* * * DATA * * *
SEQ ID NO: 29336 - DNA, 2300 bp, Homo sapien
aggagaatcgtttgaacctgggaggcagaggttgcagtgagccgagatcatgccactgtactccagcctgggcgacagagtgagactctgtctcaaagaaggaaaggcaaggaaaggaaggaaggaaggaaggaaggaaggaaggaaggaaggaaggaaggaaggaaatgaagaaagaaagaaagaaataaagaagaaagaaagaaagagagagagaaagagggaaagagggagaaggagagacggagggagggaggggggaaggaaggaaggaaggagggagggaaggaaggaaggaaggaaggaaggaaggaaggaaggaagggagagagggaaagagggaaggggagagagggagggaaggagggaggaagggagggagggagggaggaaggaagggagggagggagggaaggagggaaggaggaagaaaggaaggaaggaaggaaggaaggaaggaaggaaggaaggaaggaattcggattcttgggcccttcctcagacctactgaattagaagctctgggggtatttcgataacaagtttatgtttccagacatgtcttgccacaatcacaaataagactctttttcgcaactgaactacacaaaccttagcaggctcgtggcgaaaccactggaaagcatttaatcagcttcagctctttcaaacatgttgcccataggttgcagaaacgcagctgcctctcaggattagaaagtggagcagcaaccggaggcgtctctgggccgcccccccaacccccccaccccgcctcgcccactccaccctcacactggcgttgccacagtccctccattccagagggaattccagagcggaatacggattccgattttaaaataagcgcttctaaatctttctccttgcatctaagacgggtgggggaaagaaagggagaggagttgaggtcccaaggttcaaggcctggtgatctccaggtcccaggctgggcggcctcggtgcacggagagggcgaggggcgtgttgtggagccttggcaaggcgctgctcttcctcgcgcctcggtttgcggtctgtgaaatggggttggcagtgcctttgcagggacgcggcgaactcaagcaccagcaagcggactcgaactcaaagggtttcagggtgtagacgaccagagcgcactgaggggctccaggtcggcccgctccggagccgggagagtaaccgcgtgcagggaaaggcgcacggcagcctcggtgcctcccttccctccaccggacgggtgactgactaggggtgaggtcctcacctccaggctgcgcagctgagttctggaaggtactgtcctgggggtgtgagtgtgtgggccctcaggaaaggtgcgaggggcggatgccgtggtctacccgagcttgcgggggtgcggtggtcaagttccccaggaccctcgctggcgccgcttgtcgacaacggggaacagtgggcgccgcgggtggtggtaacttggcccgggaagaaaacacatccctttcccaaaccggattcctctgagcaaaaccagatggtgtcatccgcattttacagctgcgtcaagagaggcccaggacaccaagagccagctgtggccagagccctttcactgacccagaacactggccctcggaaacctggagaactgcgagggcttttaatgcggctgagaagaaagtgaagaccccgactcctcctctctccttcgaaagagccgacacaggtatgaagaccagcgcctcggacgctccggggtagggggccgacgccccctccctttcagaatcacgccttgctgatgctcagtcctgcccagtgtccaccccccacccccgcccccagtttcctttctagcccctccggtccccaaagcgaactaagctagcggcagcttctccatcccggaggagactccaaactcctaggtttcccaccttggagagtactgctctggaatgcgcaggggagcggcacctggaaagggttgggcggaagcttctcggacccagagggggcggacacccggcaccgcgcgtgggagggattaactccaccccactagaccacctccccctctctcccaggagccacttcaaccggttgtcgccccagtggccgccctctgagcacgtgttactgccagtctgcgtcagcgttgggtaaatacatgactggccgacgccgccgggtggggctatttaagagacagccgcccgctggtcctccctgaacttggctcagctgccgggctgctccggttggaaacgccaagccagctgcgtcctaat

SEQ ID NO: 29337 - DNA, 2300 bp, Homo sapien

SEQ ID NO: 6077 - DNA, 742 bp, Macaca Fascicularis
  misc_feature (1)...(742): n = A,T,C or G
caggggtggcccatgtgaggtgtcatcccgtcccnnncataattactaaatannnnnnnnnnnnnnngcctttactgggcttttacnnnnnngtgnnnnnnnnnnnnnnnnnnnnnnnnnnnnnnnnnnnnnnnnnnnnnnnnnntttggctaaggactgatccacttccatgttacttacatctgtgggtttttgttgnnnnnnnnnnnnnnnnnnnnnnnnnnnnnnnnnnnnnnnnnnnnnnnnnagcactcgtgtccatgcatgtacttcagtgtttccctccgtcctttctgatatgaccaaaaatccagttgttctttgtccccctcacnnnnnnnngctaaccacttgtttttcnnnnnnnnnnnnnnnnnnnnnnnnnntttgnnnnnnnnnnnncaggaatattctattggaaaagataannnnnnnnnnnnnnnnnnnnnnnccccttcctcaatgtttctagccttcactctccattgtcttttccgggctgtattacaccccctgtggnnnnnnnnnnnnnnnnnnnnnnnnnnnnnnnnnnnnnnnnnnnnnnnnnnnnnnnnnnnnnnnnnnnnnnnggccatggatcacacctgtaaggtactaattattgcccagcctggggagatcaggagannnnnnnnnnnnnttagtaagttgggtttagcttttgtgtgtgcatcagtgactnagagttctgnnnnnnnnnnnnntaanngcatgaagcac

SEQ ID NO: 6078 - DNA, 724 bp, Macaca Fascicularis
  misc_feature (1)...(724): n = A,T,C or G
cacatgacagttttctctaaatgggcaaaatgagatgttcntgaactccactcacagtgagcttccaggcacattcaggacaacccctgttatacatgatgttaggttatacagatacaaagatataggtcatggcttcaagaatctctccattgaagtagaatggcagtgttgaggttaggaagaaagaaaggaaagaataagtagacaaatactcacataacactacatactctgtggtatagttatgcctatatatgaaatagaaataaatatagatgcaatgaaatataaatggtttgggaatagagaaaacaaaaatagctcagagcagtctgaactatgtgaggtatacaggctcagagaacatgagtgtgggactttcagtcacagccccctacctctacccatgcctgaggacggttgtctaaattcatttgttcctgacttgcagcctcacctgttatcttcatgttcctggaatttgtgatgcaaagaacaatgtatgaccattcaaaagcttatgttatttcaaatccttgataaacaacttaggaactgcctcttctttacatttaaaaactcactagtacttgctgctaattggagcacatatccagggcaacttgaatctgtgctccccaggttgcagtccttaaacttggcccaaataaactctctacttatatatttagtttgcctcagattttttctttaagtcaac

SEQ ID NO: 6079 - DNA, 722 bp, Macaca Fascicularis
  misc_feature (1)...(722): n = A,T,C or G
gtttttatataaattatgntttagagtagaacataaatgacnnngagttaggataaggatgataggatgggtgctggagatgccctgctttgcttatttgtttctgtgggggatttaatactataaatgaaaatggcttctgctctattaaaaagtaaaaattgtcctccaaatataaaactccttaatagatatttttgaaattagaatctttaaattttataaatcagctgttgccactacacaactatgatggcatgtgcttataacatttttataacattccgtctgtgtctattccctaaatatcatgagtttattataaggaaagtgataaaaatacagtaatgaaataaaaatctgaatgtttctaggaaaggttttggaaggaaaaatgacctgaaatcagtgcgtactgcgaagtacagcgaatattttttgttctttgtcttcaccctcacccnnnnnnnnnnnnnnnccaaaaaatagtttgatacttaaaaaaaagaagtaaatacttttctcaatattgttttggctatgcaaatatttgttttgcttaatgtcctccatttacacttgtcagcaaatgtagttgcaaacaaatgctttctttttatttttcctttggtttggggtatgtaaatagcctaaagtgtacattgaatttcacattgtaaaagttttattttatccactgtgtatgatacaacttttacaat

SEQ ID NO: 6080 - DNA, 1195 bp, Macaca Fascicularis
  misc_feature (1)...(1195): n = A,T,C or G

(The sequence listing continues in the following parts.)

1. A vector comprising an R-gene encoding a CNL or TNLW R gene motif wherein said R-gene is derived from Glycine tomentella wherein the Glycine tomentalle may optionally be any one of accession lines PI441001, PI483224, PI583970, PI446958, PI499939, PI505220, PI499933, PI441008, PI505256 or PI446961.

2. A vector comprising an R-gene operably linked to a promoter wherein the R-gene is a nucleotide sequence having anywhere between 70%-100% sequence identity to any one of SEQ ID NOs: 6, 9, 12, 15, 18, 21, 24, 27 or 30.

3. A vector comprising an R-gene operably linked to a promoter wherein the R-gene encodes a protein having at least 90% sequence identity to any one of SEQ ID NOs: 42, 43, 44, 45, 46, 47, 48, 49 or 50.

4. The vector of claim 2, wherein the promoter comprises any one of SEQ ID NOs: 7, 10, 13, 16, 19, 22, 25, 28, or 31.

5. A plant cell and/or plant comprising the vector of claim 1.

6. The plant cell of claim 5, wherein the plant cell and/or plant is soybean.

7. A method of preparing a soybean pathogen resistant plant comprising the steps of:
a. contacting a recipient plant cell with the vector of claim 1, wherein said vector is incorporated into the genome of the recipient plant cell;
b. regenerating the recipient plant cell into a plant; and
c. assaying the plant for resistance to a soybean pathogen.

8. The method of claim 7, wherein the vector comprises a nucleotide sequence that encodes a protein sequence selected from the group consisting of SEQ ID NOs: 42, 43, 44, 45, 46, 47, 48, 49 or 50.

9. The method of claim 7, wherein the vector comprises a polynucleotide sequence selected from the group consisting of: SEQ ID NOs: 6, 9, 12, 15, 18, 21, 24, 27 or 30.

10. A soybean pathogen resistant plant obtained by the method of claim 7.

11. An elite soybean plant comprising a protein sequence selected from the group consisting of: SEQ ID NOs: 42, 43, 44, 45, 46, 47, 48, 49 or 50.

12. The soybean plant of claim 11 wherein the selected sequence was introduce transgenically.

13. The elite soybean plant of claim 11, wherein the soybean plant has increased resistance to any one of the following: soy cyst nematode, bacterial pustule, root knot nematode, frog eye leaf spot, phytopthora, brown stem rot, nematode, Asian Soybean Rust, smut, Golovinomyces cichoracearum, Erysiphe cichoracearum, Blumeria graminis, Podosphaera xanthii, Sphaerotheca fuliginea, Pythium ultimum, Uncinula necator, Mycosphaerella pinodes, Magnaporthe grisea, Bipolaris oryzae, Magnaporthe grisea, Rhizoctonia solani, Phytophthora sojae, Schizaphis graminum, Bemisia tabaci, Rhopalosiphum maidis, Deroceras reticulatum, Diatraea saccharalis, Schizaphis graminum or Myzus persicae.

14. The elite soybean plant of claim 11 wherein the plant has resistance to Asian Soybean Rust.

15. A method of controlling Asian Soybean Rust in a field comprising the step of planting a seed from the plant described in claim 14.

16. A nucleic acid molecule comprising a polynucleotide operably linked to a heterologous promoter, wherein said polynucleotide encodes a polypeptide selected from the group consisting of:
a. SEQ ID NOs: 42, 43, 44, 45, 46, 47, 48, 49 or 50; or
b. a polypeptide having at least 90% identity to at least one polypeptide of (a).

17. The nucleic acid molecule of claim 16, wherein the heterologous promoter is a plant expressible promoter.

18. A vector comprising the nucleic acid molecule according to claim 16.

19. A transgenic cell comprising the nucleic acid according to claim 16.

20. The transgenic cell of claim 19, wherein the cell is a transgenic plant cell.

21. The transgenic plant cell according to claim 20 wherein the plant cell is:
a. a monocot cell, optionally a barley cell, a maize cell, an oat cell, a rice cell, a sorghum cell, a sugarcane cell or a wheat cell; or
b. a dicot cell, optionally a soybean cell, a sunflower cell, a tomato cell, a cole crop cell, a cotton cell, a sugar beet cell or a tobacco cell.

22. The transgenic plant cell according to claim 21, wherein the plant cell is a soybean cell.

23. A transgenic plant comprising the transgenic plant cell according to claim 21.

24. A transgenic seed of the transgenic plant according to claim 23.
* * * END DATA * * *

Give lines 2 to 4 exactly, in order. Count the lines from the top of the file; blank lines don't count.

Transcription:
aggagaatcgtttgaacctgggaggcagaggttgcagtgagccgagatcatgccactgtactccagcctgggcgacagagtgagactctgtctcaaagaaggaaaggcaaggaaaggaaggaaggaaggaaggaaggaaggaaggaaggaaggaaggaaggaaggaaatgaagaaagaaagaaagaaataaagaagaaagaaagaaagagagagagaaagagggaaagagggagaaggagagacggagggagggaggggggaaggaaggaaggaaggagggagggaaggaaggaaggaaggaaggaaggaaggaaggaaggaagggagagagggaaagagggaaggggagagagggagggaaggagggaggaagggagggagggagggaggaaggaagggagggagggagggaaggagggaaggaggaagaaaggaaggaaggaaggaaggaaggaaggaaggaaggaaggaaggaattcggattcttgggcccttcctcagacctactgaattagaagctctgggggtatttcgataacaagtttatgtttccagacatgtcttgccacaatcacaaataagactctttttcgcaactgaactacacaaaccttagcaggctcgtggcgaaaccactggaaagcatttaatcagcttcagctctttcaaacatgttgcccataggttgcagaaacgcagctgcctctcaggattagaaagtggagcagcaaccggaggcgtctctgggccgcccccccaacccccccaccccgcctcgcccactccaccctcacactggcgttgccacagtccctccattccagagggaattccagagcggaatacggattccgattttaaaataagcgcttctaaatctttctccttgcatctaagacgggtgggggaaagaaagggagaggagttgaggtcccaaggttcaaggcctggtgatctccaggtcccaggctgggcggcctcggtgcacggagagggcgaggggcgtgttgtggagccttggcaaggcgctgctcttcctcgcgcctcggtttgcggtctgtgaaatggggttggcagtgcctttgcagggacgcggcgaactcaagcaccagcaagcggactcgaactcaaagggtttcagggtgtagacgaccagagcgcactgaggggctccaggtcggcccgctccggagccgggagagtaaccgcgtgcagggaaaggcgcacggcagcctcggtgcctcccttccctccaccggacgggtgactgactaggggtgaggtcctcacctccaggctgcgcagctgagttctggaaggtactgtcctgggggtgtgagtgtgtgggccctcaggaaaggtgcgaggggcggatgccgtggtctacccgagcttgcgggggtgcggtggtcaagttccccaggaccctcgctggcgccgcttgtcgacaacggggaacagtgggcgccgcgggtggtggtaacttggcccgggaagaaaacacatccctttcccaaaccggattcctctgagcaaaaccagatggtgtcatccgcattttacagctgcgtcaagagaggcccaggacaccaagagccagctgtggccagagccctttcactgacccagaacactggccctcggaaacctggagaactgcgagggcttttaatgcggctgagaagaaagtgaagaccccgactcctcctctctccttcgaaagagccgacacaggtatgaagaccagcgcctcggacgctccggggtagggggccgacgccccctccctttcagaatcacgccttgctgatgctcagtcctgcccagtgtccaccccccacccccgcccccagtttcctttctagcccctccggtccccaaagcgaactaagctagcggcagcttctccatcccggaggagactccaaactcctaggtttcccaccttggagagtactgctctggaatgcgcaggggagcggcacctggaaagggttgggcggaagcttctcggacccagagggggcggacacccggcaccgcgcgtgggagggattaactccaccccactagaccacctccccctctctcccaggagccacttcaaccggttgtcgccccagtggccgccctctgagcacgtgttactgccagtctgcgtcagcgttgggtaaatacatgactggccgacgccgccgggtggggctatttaagagacagccgcccgctggtcctccctgaacttggctcagctgccgggctgctccggttggaaacgccaagccagctgcgtcctaat

SEQ ID NO: 29337 - DNA, 2300 bp, Homo sapien

SEQ ID NO: 6077 - DNA, 742 bp, Macaca Fascicularis